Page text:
1/350 Royal Navy Squid Anti-Submarine Mortar MKIV (Starboard & Port)
1/350 Scale Royal Navy Squid Anti-Submarine Mortar MKIV (Starboard & Port) as used by the Royal Navy and Allied Navies on a late and post WW2 vessels. Highly detailed parts modelled from plans and many reference photographs taken at Portsmouth Historic Naval Dockyard. These are the most accurate and detailed Squid Mortars available anywhere.
- Highly detailed and accurate parts, modelled from the John Lambert plans and many reference photos taken at Priddy's Hard Portsmouth
- Set contains 2x Squid Mortars, 1x Starboard and 1x Port (clearly marked on support raft). Also contain 2x Projectiles.
Details include: Hexnuts, Rivets, Electrical Cables, Training Gear & Clutch, Elevating Gear, Breech Blocks with electrical cables, all tubes are open and pre-loaded. Base Plates have suitable angle to account for Deck camber.
Literally ordered directly from the drawing board, this weapon was rushed into service in 1943 and first used aboard HMS Ambuscade. This weapon was a three-barrel 12 inch (30.5 cm) mortar with the mortars mounted in series, one behind the other, with all three barrels at a fixed elevation. The barrels were mounted in a frame that could be rotated 30 degrees to either side for training and 90 degrees for loading. The barrels were set slightly askew such that their pattern formed a triangle about 40 yards (37 m) on a side at a distance of 275 yards (250 m) ahead of the ship.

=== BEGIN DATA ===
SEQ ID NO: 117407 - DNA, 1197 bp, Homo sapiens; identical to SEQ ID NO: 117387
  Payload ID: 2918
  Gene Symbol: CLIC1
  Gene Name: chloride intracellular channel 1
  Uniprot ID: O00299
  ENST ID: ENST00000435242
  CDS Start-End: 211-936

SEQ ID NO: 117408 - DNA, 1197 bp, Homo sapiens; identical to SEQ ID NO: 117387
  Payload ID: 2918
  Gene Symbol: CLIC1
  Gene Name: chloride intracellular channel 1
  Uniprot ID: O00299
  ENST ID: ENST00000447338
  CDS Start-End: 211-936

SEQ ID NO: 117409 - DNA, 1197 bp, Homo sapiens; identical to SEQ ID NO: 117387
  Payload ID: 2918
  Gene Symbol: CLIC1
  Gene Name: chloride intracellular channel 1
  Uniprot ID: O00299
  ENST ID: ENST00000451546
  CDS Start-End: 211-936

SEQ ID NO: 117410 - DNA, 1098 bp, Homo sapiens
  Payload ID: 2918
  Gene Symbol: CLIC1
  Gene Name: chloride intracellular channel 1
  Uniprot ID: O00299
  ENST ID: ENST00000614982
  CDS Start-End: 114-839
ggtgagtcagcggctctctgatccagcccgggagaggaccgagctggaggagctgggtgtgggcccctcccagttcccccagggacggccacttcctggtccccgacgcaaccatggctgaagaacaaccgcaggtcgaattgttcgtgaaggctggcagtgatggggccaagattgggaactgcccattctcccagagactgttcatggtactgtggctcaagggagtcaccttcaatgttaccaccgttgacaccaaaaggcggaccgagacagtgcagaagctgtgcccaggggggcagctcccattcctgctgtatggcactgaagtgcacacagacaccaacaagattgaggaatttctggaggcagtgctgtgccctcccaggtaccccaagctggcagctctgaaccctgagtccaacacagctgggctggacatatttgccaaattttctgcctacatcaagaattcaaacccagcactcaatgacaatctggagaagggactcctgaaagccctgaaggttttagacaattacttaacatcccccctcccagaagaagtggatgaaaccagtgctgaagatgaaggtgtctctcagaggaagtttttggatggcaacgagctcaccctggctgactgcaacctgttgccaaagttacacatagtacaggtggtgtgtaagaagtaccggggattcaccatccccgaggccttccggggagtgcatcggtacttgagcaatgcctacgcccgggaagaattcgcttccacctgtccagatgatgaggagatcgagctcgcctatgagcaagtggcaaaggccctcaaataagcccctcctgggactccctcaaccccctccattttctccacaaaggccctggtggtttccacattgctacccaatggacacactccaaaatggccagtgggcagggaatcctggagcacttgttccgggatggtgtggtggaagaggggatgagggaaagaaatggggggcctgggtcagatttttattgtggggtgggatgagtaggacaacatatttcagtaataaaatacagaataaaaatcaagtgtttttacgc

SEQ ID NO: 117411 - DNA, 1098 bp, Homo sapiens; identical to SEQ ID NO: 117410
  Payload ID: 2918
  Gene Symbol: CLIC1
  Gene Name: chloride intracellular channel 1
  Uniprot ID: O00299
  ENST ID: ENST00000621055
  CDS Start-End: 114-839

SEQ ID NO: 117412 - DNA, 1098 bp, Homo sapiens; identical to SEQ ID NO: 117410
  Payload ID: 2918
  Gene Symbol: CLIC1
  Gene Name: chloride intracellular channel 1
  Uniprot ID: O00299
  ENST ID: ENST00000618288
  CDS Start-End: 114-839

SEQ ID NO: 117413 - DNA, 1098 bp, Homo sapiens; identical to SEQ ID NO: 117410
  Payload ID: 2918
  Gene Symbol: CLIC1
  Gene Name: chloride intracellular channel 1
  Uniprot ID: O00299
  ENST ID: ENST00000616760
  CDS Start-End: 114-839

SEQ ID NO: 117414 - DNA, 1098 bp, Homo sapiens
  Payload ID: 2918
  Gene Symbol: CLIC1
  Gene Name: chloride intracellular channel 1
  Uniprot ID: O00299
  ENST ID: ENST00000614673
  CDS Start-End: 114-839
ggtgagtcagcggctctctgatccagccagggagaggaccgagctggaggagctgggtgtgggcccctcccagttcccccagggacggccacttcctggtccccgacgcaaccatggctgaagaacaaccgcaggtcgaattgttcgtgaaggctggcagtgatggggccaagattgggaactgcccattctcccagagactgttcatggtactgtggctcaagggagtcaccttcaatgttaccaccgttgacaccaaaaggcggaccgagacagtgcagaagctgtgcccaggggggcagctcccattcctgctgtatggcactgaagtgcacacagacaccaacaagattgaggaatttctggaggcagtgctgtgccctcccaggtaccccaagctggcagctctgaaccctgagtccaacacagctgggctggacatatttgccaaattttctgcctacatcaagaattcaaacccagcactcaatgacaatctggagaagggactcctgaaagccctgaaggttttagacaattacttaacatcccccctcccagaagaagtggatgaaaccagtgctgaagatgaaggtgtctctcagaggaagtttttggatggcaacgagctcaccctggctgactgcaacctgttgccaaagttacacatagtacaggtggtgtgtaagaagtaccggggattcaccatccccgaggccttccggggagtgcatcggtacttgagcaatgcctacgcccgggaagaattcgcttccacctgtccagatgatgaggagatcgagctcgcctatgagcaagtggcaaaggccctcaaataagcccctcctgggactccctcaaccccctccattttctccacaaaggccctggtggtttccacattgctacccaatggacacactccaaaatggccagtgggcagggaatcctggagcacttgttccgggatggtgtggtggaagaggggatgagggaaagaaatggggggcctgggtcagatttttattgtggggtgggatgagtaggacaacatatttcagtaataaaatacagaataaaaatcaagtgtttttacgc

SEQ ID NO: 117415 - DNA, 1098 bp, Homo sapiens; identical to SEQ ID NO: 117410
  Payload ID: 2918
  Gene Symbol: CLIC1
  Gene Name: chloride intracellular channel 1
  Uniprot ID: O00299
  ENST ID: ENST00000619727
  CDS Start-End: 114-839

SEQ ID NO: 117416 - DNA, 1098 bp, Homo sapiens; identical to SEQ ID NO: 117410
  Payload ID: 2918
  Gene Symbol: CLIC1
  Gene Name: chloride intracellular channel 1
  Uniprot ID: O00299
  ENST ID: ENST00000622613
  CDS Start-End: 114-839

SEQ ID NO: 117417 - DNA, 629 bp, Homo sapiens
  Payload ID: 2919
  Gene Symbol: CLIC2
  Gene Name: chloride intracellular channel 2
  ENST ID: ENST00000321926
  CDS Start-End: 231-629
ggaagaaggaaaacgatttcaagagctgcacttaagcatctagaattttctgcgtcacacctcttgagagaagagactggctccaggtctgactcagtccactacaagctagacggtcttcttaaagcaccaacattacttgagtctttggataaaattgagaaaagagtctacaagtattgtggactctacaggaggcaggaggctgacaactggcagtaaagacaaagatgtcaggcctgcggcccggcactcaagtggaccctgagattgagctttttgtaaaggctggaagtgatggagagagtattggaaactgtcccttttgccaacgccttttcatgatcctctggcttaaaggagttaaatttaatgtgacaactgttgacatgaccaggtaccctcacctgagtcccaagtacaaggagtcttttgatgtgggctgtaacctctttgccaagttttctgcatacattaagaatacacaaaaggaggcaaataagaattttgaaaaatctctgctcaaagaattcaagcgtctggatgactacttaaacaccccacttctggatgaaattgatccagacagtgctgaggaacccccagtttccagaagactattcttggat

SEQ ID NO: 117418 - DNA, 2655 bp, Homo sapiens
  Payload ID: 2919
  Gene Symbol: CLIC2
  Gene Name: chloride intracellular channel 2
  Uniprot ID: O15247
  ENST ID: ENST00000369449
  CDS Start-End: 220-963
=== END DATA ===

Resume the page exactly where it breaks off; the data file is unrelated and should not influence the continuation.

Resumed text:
The projectiles weighed 390 lbs. (177 kg) with a 207 lbs. (94 kg) minol charge. Sinking speed was 43.5 fps (13.3 mps) and a clockwork time fuze was used to set the depth. Maximum depth was 900 feet (274 m) and all three projectiles had to be set the same.
The weapons were automatically fired by the Type 147 Asdic at the proper moment based upon the depth of the target U-boat. The first successful use was by HMS Loch Killin on 31 July 1944 when she sank U-333, although U-744 was forced to surrender on 6 March 1944 after being damaged by depth charges and Squid.